Data Mining

Data mining is the process of applying algorithms to search for patterns within collections of data.

Fundamentally, data mining is the deployment of an automated process for analyzing large amounts of data that otherwise could not be addressed manually. This process generally involves several steps that may include data collection, data cleaning and validation (to address any errors, inconsistencies, and other quality issues), model development and testing, and final deployment.

In this context, model development means the application of one or more of several machine learning (ML) algorithms such as regression, decision trees, support vector machines, as well as many other tools that are part of the modern ML repertoire.


Data mining is one of the more recent applications of statistical analysis for extracting information from data. Within the scientific and social domains, there has always been a need and a refinement of efforts in the collection and processing of data. Previously, data collection was a largely manual effort, as was the processing of this data. However, with modern computers, and the ubiquity of computers in many devices, there are now many more data creation and processing possibilities than ever before. One of the most prevalent and challenging issues for businesses and individuals alike is the abundance of data. The modern affliction is now, amongst all that is available, what is relevant and worthwhile, and what does it mean.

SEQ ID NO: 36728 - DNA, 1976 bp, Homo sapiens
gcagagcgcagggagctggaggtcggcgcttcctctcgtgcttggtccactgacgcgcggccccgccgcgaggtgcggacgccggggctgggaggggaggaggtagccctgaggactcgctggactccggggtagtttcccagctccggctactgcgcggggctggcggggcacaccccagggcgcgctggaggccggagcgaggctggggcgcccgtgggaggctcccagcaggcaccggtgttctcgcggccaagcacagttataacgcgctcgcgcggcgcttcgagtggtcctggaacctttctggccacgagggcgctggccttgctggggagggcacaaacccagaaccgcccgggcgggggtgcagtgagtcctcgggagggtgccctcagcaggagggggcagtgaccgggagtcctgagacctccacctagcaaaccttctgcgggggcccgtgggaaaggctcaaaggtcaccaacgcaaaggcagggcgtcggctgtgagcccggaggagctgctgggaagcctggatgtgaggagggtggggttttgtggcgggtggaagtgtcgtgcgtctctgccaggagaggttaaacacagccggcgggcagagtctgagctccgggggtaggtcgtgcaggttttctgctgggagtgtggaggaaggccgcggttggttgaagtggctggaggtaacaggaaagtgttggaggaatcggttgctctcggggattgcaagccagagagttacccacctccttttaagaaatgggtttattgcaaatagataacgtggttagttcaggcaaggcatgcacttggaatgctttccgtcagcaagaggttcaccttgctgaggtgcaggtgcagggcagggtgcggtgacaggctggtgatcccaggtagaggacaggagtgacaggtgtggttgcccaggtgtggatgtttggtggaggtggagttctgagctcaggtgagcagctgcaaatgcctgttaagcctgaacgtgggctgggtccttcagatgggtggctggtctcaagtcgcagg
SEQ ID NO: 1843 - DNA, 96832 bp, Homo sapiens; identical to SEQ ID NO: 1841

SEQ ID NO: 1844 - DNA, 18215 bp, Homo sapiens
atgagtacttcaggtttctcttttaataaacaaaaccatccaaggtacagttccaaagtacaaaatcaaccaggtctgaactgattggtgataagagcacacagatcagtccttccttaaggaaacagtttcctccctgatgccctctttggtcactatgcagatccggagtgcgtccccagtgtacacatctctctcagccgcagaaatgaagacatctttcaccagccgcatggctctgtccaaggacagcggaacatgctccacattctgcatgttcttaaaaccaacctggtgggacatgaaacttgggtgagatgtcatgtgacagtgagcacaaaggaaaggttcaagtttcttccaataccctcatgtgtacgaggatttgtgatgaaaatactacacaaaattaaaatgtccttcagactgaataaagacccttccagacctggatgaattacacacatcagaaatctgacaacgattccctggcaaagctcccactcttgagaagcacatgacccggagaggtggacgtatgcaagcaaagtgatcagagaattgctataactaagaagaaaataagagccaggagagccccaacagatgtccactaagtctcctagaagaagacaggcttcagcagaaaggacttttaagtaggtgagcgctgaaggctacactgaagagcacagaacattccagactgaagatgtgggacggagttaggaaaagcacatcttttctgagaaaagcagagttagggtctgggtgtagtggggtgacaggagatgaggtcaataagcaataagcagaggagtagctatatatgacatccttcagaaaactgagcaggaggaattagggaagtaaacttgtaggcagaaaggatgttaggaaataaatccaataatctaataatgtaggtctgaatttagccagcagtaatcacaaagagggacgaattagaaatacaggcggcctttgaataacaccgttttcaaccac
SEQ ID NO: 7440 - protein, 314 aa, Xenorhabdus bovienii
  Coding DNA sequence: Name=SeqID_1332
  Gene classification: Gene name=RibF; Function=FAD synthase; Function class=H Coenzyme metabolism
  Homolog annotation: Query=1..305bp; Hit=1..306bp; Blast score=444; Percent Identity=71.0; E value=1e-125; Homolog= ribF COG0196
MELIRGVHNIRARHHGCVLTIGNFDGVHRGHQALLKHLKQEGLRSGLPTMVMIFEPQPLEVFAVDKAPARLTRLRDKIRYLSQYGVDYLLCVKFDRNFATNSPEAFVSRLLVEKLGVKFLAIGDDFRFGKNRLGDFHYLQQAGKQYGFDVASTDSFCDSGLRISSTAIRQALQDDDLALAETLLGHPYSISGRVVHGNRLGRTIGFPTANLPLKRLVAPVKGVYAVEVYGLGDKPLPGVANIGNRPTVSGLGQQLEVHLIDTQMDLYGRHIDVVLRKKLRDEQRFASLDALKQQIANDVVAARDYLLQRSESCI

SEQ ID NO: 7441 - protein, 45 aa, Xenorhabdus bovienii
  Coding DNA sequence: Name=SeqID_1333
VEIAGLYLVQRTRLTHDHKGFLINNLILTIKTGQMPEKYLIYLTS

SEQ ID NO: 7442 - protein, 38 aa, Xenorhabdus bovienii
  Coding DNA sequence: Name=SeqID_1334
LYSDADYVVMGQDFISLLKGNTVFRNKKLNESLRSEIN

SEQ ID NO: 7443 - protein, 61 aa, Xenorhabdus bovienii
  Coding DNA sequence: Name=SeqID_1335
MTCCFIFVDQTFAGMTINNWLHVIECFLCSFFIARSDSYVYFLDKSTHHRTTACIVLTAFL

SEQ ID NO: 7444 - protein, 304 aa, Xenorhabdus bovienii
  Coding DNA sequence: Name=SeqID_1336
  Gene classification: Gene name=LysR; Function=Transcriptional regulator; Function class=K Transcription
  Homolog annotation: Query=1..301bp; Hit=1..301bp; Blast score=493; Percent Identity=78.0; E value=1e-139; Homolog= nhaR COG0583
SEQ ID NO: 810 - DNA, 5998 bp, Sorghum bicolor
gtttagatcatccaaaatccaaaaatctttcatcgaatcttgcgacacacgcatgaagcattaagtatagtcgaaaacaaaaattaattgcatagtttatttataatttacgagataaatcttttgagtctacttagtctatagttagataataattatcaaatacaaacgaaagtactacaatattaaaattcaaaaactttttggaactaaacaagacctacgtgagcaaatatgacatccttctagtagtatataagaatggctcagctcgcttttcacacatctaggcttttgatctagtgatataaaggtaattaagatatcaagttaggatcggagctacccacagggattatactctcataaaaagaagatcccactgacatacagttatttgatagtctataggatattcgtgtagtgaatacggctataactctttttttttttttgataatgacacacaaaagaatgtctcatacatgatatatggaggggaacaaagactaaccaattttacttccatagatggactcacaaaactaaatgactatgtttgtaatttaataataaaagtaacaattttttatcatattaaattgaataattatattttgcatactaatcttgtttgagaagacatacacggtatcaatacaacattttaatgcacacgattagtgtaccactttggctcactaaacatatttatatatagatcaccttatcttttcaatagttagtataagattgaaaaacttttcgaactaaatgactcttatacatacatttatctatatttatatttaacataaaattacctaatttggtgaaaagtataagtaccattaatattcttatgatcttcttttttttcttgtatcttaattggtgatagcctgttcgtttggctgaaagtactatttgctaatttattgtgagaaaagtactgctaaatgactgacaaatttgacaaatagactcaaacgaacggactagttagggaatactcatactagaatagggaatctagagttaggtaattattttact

The popularization of machine learning methods has come about as a result of several recent developments: increases in computational processing power, the availability of economical storage, and the production of large data sets from digital devices and other sources. With the rise in popularity of these methods there have been an ever greater number of domains to leverage these tools, which has made data mining a ubiquitous technique in modern analytics. While these techniques and the computational resources now available represent incredible processing potential and efficiencies in working with large quantities of data, there are also trade-offs in their implementation.

One of the most significant drawbacks in the use of data mining is its use in indiscriminate quests to discover patterns and the improper or incomplete vetting of results. Model evaluation should include best practices such as testing models on new or “out of sample” data. Otherwise, models will likely return spurious relationships that are not based on any underlying causal structure. In the age of big data there is an inherent paradox: the greater the size of the data, the greater the likelihood of incidental and meaningless relationships.

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